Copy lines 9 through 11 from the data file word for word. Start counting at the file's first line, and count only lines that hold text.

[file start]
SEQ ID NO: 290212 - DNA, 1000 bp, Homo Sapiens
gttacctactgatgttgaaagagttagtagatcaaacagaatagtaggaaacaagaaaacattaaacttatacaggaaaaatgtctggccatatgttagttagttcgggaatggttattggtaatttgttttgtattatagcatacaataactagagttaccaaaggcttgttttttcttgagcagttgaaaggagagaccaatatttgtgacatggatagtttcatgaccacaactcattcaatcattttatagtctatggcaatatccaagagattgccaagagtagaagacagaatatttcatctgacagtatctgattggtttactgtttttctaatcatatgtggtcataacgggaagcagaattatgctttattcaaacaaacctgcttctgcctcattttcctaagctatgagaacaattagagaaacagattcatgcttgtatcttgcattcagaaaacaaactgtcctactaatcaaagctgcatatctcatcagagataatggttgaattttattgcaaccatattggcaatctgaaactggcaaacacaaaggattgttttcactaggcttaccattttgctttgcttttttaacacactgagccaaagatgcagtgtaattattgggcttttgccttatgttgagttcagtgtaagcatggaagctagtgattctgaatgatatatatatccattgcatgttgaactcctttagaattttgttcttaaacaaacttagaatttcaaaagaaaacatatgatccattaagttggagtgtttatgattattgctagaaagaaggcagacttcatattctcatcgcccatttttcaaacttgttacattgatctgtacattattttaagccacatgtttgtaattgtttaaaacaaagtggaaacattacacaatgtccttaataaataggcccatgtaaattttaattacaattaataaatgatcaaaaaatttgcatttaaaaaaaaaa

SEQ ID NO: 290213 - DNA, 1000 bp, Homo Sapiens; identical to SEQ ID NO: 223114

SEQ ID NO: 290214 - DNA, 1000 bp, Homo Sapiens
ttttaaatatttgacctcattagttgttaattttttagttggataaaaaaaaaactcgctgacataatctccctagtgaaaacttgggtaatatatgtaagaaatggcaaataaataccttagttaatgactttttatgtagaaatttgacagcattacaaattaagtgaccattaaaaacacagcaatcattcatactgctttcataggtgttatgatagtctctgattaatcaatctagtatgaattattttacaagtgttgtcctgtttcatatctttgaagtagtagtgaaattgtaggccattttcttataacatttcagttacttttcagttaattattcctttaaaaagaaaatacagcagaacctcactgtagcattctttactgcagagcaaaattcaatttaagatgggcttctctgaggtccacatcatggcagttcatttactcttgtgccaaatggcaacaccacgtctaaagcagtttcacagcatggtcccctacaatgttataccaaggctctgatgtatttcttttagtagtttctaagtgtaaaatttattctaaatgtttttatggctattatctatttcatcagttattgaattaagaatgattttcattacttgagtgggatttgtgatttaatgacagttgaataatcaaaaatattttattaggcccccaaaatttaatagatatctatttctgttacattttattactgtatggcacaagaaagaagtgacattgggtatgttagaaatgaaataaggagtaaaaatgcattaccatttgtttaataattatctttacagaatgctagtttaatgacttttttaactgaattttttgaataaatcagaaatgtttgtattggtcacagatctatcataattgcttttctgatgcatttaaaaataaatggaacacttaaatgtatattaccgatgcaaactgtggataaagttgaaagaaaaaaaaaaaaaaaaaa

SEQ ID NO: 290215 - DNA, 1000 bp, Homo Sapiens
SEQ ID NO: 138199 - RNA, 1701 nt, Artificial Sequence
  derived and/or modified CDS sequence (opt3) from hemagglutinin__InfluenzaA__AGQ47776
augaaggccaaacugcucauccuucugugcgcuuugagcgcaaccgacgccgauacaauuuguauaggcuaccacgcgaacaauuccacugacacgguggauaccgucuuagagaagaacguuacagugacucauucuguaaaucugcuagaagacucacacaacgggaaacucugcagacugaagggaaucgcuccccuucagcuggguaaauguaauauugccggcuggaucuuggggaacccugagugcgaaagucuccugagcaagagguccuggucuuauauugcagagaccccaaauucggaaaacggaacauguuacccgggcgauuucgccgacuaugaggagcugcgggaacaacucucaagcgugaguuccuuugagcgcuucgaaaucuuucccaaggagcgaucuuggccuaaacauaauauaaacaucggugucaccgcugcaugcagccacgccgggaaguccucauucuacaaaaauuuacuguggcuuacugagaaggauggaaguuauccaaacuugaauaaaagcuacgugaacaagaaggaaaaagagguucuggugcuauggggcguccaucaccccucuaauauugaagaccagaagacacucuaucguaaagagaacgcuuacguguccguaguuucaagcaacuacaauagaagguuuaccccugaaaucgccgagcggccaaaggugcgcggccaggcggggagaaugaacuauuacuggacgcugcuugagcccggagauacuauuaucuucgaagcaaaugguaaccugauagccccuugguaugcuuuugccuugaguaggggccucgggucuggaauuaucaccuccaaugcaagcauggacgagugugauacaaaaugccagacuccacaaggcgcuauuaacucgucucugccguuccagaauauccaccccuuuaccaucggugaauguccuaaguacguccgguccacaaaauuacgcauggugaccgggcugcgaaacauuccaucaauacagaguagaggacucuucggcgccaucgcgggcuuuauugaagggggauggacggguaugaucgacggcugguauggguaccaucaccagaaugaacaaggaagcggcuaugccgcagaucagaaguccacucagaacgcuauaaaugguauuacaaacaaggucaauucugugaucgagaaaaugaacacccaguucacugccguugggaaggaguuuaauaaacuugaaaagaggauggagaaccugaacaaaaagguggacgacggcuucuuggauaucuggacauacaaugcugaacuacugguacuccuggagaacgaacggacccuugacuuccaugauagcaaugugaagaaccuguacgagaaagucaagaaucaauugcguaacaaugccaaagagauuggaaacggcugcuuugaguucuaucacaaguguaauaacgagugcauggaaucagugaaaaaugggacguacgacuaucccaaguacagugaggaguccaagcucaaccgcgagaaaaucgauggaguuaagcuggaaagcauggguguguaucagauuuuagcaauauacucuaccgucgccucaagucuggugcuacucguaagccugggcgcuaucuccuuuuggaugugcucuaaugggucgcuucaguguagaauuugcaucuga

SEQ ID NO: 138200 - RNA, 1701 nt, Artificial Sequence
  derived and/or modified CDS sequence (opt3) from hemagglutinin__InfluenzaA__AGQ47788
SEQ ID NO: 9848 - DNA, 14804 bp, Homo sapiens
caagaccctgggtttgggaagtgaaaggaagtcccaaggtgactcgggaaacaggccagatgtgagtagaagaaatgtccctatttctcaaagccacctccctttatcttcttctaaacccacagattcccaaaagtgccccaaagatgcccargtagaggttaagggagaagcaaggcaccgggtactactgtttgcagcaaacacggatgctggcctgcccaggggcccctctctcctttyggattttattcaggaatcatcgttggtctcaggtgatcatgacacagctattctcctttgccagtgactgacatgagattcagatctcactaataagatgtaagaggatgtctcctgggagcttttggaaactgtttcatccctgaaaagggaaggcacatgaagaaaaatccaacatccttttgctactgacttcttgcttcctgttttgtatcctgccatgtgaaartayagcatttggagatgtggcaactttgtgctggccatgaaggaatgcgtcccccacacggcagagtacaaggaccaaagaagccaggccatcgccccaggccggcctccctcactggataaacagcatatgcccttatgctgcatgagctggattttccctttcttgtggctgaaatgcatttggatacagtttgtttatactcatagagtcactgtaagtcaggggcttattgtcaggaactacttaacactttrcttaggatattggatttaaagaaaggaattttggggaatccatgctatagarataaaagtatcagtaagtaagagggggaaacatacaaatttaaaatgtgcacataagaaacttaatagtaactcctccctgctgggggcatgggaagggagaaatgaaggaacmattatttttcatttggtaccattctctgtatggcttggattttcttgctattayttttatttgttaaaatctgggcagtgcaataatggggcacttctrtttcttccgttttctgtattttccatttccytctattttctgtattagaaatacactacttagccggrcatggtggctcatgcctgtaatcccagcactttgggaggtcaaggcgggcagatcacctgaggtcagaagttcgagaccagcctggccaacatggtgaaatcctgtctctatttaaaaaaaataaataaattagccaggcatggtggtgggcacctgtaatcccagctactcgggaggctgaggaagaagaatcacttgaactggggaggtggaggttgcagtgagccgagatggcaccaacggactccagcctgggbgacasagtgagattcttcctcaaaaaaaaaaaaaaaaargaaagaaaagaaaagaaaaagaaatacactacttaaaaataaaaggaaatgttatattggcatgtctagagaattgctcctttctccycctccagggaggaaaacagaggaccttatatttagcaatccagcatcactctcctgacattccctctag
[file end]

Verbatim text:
augaaggccaaacugcucauccuucugugcgcuuugagcgcaaccgacgccgauacaauuuguauaggcuaccacgcgaacaauuccacugacacgguggauaccgucuuagagaagaacguuacagugacucauucuguaaaucugcuagaagacucacacaacgggaaacucugcagacugaagggaaucgcuccccuucagcuggguaaauguaauauugccggcuggaucuuggggaacccugagugcgaaagucuccugagcaagagguccuggucuuauauugcagagaccccaaauucggaaaacggaacauguuacccgggcgauuucgccgacuaugaggagcugcgggaacaacucucaagcgugaguuccuuugagcgcuucgaaaucuuucccaaggagcgaucuuggccuaaacauaauauaaacaucggugucaccgcugcaugcagccacgccgggaaguccucauucuacaaaaauuuacuguggcuuacugagaaggauggaaguuauccaaacuugaauaaaagcuacgugaacaagaaggaaaaagagguucuggugcuauggggcguccaucaccccucuaauauugaagaccagaagacacucuaucguaaagagaacgcuuacguguccguaguuucaagcaacuacaauagaagguuuaccccugaaaucgccgagcggccaaaggugcgcggccaggcggggagaaugaacuauuacuggacgcugcuugagcccggagauacuauuaucuucgaagcaaaugguaaccugauagccccuugguaugcuuuugccuugaguaggggccucgggucuggaauuaucaccuccaaugcaagcauggacgagugugauacaaaaugccagacuccacaaggcgcuauuaacucgucucugccguuccagaauauccaccccuuuaccaucggugaauguccuaaguacguccgguccacaaaauuacgcauggugaccgggcugcgaaacauuccaucaauacagaguagaggacucuucggcgccaucgcgggcuuuauugaagggggauggacggguaugaucgacggcugguauggguaccaucaccagaaugaacaaggaagcggcuaugccgcagaucagaaguccacucagaacgcuauaaaugguauuacaaacaaggucaauucugugaucgagaaaaugaacacccaguucacugccguugggaaggaguuuaauaaacuugaaaagaggauggagaaccugaacaaaaagguggacgacggcuucuuggauaucuggacauacaaugcugaacuacugguacuccuggagaacgaacggacccuugacuuccaugauagcaaugugaagaaccuguacgagaaagucaagaaucaauugcguaacaaugccaaagagauuggaaacggcugcuuugaguucuaucacaaguguaauaacgagugcauggaaucagugaaaaaugggacguacgacuaucccaaguacagugaggaguccaagcucaaccgcgagaaaaucgauggaguuaagcuggaaagcauggguguguaucagauuuuagcaauauacucuaccgucgccucaagucuggugcuacucguaagccugggcgcuaucuccuuuuggaugugcucuaaugggucgcuucaguguagaauuugcaucuga

SEQ ID NO: 138200 - RNA, 1701 nt, Artificial Sequence
  derived and/or modified CDS sequence (opt3) from hemagglutinin__InfluenzaA__AGQ47788